Mission #25 - September 9, 1943
Although an escort of P-47s kept the Luftwaffe away, the flak around Paris was very heavy. Bombing, however, was poor and one crew, Lt. Nordewier's, flying in A/C 42-3353 Tar Fly, was missing in action. The crew had been at Snetterton only one month.
Between the 9th and the 16th another "first" began developing when the 8th ordered some units to double their strength. The 96th became the first of such units. Supply officers became busier. Extra crews and ground personnel flooded onto the base and double bunks became the order of the day until more Nissens could be put up. The new crews fattened each squadron thus: the 337th received 11, the 338th got 12, the 339th got 14 and the 413th fattened up by 11.
Major Robert B. Good was appointed Group Operations officer. He replaced Major Jack Hayes who was transferred to Wing. Both men had combat experience.
Very soon after the 96th thirty-fifth mission, the 8th Air Force's growing pains became quite evident. They were manifested in a series of reorganizational moves. At Snetterton they had traumatic repercussions.
The Air Force in every theater, but especially in Europe, was in a dynamic state. Expansion was the name of the game. Structural changes were required and the 8th made them in order to execute its strategies as fast as possible while still maintaining full control of its resources.
One important change which rippled through the 8th transformed what had been known as Bomb Wings (BW) into Bomb Divisions (BD). There were now three Bomb Divisions. The 1st and 3rd were composed of B-17s while the 2nd was made up of Liberators. A Bomb Division had control over new organizational layers called Combat Bombardment Wings (CBW). Overnight the 96th went from control of the old 403rd Combat Wing of the old 4th Bombardment Wing to the new 45th CBW of the 3rd Bomb Division. Most CBWs would be comprised of at least three Bomb Groups. Not so the 45th, not at first anyway. The 45th CBW would be composed of only the 96th and the 388th. However, from now on the 96th was a "double strength" unit. It would dispatch two sub-groups, an A and a B, to most missions.
But the most traumatic change for the 96th was in the fact that Archie Old was to move on. That was the bad news. The good news more than made up for it. Like his mentor, Colonel Curtis LeMay, Colonel Old was promoted at age 36 to staff duty at the new 45CBW. Not only was the 96th part of the 45CBW, but the new wing's headquarters were located at Snetterton. In a sense, Archie's new office was but a stone's throw away from his old one.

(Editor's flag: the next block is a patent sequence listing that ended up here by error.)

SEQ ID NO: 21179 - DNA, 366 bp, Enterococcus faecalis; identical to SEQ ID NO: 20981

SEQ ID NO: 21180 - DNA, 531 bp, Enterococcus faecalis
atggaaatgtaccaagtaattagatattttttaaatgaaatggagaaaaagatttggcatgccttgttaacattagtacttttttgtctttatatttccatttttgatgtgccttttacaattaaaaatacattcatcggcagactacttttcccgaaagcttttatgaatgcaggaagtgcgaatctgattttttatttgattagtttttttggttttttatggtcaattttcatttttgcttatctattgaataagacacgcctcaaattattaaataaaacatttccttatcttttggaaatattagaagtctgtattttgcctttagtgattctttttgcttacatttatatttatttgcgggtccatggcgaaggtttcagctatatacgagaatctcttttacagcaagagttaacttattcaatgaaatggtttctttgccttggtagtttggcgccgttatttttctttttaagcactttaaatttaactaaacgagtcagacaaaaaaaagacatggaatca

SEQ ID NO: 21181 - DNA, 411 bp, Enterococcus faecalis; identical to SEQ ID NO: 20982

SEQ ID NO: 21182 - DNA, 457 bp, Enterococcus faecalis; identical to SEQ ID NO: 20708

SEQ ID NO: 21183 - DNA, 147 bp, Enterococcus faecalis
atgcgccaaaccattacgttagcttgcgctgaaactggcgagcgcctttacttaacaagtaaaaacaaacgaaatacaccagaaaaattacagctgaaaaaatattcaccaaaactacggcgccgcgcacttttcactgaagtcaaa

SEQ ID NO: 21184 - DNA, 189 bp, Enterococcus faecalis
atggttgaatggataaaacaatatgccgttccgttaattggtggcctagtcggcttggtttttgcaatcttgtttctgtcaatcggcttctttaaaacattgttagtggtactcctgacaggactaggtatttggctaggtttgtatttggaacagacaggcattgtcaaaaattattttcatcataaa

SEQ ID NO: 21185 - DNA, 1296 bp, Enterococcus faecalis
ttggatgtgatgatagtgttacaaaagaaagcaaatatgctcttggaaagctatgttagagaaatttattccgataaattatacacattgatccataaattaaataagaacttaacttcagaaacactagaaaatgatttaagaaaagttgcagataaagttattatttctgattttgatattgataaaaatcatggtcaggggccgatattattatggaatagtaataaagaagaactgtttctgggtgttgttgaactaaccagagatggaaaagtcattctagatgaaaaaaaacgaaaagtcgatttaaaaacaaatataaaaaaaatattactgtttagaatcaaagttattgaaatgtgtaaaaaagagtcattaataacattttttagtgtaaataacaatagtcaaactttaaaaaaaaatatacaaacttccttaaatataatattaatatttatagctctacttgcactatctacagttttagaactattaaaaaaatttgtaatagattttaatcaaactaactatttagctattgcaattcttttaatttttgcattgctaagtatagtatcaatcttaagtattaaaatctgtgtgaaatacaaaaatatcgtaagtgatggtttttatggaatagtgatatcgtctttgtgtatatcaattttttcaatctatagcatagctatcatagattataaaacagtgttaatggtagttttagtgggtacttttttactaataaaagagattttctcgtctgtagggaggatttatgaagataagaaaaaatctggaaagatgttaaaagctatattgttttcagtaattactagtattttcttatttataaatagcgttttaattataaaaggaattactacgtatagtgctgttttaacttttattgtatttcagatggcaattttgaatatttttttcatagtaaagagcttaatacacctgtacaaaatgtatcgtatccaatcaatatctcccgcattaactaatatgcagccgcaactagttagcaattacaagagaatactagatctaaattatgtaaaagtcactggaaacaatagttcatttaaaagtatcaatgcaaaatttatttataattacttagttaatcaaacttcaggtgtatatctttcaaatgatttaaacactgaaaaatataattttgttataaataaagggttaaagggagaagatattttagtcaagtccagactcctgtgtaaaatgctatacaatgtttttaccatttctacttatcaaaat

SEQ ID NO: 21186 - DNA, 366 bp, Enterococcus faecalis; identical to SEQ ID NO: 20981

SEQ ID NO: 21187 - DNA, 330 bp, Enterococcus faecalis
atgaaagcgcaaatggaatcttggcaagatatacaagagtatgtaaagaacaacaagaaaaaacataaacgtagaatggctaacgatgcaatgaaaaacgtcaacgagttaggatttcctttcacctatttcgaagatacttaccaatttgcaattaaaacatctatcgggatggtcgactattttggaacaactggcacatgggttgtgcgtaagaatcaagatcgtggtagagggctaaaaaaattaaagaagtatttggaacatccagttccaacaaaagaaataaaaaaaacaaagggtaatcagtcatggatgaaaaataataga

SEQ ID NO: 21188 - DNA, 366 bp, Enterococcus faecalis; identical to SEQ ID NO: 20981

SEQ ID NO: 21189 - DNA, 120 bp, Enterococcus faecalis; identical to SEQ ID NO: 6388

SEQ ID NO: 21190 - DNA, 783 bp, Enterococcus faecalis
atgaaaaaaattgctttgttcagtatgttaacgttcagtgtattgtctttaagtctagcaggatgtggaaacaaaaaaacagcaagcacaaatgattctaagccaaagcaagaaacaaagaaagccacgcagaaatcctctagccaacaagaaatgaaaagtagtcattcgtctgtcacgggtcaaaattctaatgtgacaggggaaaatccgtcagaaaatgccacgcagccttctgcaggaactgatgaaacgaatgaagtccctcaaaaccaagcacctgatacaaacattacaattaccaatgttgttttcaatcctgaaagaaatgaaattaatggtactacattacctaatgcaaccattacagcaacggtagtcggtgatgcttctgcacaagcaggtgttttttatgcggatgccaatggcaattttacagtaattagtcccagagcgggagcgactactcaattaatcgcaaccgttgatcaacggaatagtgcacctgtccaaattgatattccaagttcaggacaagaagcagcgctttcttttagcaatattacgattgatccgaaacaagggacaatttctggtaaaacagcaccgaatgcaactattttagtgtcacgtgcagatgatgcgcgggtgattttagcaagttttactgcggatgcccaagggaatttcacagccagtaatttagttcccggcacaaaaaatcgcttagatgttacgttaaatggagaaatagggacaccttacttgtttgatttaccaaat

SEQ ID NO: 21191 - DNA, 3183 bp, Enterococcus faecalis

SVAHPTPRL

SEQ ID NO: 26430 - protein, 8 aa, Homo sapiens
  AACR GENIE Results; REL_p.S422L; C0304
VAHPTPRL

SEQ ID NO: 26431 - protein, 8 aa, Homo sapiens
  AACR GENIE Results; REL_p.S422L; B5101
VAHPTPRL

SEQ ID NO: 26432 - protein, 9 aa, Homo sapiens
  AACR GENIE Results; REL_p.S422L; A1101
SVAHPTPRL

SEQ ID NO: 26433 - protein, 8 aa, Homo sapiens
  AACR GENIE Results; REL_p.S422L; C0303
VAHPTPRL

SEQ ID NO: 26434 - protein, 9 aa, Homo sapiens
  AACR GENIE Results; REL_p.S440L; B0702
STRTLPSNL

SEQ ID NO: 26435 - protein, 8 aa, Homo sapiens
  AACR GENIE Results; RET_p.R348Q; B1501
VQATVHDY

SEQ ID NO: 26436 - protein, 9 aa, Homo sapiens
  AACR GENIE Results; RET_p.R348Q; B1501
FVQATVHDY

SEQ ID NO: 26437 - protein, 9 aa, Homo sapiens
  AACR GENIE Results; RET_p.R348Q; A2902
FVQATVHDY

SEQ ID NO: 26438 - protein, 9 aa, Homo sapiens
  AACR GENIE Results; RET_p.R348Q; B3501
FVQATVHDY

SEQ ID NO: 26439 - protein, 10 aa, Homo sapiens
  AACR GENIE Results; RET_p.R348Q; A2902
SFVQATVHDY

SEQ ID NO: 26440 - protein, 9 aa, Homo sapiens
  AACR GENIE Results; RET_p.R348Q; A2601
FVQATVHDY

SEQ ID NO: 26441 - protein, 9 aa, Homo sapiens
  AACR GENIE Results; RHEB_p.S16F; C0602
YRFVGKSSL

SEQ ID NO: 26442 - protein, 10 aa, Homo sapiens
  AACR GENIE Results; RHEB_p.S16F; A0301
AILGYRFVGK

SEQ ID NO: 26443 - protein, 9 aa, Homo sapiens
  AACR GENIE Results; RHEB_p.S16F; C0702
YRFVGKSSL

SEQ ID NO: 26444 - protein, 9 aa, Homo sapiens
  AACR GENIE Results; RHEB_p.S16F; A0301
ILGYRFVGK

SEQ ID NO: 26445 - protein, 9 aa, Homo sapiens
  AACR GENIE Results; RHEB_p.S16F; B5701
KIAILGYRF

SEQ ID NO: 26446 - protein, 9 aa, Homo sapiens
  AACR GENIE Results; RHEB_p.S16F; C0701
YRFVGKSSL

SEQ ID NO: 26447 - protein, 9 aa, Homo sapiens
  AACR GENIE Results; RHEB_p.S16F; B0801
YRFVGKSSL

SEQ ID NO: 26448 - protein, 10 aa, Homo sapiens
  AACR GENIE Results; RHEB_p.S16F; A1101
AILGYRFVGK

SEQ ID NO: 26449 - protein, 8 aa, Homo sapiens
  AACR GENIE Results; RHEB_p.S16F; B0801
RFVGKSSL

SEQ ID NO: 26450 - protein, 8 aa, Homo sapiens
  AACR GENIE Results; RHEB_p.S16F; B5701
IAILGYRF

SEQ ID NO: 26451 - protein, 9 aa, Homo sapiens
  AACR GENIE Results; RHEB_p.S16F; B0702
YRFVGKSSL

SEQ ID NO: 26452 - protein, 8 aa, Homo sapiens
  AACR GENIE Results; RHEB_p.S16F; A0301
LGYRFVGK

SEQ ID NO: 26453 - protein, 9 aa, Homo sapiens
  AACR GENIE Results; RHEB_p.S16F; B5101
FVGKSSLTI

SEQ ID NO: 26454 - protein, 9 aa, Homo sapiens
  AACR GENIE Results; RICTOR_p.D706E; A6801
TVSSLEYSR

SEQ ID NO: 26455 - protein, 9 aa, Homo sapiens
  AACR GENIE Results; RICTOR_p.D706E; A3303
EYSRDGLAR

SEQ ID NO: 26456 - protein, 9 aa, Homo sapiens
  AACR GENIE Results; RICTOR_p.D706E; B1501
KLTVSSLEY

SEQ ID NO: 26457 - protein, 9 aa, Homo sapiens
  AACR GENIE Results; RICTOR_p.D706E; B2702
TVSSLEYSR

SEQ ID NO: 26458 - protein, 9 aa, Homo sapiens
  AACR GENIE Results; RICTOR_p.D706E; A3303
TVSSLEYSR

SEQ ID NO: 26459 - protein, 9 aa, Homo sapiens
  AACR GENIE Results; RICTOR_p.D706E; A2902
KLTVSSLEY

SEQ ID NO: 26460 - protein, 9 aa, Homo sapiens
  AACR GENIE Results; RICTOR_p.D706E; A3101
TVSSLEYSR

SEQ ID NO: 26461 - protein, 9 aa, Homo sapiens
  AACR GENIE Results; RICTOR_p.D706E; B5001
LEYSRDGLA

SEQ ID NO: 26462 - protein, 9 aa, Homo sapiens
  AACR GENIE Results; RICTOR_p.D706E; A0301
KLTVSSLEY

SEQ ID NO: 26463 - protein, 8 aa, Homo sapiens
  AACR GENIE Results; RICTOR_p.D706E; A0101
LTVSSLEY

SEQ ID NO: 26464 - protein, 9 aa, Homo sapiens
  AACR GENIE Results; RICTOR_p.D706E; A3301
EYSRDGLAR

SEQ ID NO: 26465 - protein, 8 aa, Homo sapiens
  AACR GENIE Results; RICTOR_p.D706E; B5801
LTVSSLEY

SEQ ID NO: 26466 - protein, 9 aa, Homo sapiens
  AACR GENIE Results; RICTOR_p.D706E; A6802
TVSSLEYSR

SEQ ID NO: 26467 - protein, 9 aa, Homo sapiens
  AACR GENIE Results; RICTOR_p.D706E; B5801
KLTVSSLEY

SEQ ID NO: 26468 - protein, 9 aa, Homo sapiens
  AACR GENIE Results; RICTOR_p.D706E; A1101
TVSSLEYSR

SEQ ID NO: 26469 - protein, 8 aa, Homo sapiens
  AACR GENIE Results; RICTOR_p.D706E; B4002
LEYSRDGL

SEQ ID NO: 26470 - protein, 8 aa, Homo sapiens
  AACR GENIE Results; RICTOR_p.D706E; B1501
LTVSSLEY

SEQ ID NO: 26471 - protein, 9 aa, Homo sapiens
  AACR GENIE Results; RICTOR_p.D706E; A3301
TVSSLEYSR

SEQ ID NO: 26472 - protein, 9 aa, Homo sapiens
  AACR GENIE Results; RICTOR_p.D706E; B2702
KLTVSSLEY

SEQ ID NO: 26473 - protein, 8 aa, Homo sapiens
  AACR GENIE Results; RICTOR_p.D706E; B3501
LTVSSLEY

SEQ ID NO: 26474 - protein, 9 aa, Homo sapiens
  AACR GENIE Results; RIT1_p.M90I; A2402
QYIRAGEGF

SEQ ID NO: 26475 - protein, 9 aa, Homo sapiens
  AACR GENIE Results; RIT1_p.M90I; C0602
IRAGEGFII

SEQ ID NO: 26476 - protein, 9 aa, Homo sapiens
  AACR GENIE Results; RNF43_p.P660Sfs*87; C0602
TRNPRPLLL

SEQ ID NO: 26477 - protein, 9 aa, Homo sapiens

On the evening of the 11th, Colonel Old was honored by the men of the 96th and commanders of the several service-units at a sit-down Spamless banquet. On their behalf, Ground Exec "Sandy" Moffett gave a glowing tribute to this feisty outgoing commander. Moffett's speech ended with this upbeat summary:
"The success of any unit depends on every man. Colonel Old has preached that constantly . . . His has been the toughest of all jobs -- the coordinating and supervising of every man's effort and focusing it upon a goal that will mean success or failure. This Colonel Old has done, and done well. He has been a rigid disciplinarian when he needed to be, and he enjoys a good time as much as any man I ever knew. He'll eat you out like you've never been eaten out at 4 in the afternoon only to play cards and have a drink with you the same night. But he expects the best out of every man, and will never be satisfied with less -- I guess that is why he usually gets the best. He fought for this group against higher headquarters with all the guts that any of us could expect or wish. . . . For his iron-assed ways which brought us so far, and for his friendship, the 96th thanks him. We hate to see him leave our ranks, but we wish him good success in his new job, and we know that he will find it."
Under Colonel Old the 96th had flown some 35 missions and General Fred Anderson, staff officer of the 8th, had cited the unit twice. Archie himself held the Silver Star, the third highest military award, and the Distinguished Flying Cross for displaying outstanding achievement while leading formations on more than 12 instances to Nazi targets.
The 96th's new commanding officer was 32 year old Lt. Colonel James L. Travis of Portland, Oregon. This was the same Colonel Travis who had to bail out of Lt. Attaway's Black Heart Jr. only a few weeks ago.
Colonel Travis had entered the Army after having been graduated by the University of Oregon in 1933. Two years later he was graduated by Randolph Field after which he spent some time assigned to A-29s where he pulled submarine patrols off both the east and west coasts.
"Gentleman Jim" Travis had arrived in the ETO before the 8th flew combat. First he had been Assistant Wing Officer with the 4th BW. Just prior to coming to the 96th, he had been Executive Officer of the new 45th CBW. So far he had made 7 combat missions. In taking over the group, he expressed his delight. With four months of combat behind it, he stated, the 96th was close to being the best, if not the best, unit in the ETO.
Ordered to double its size, 96BG builds bunks almost to the ceilings.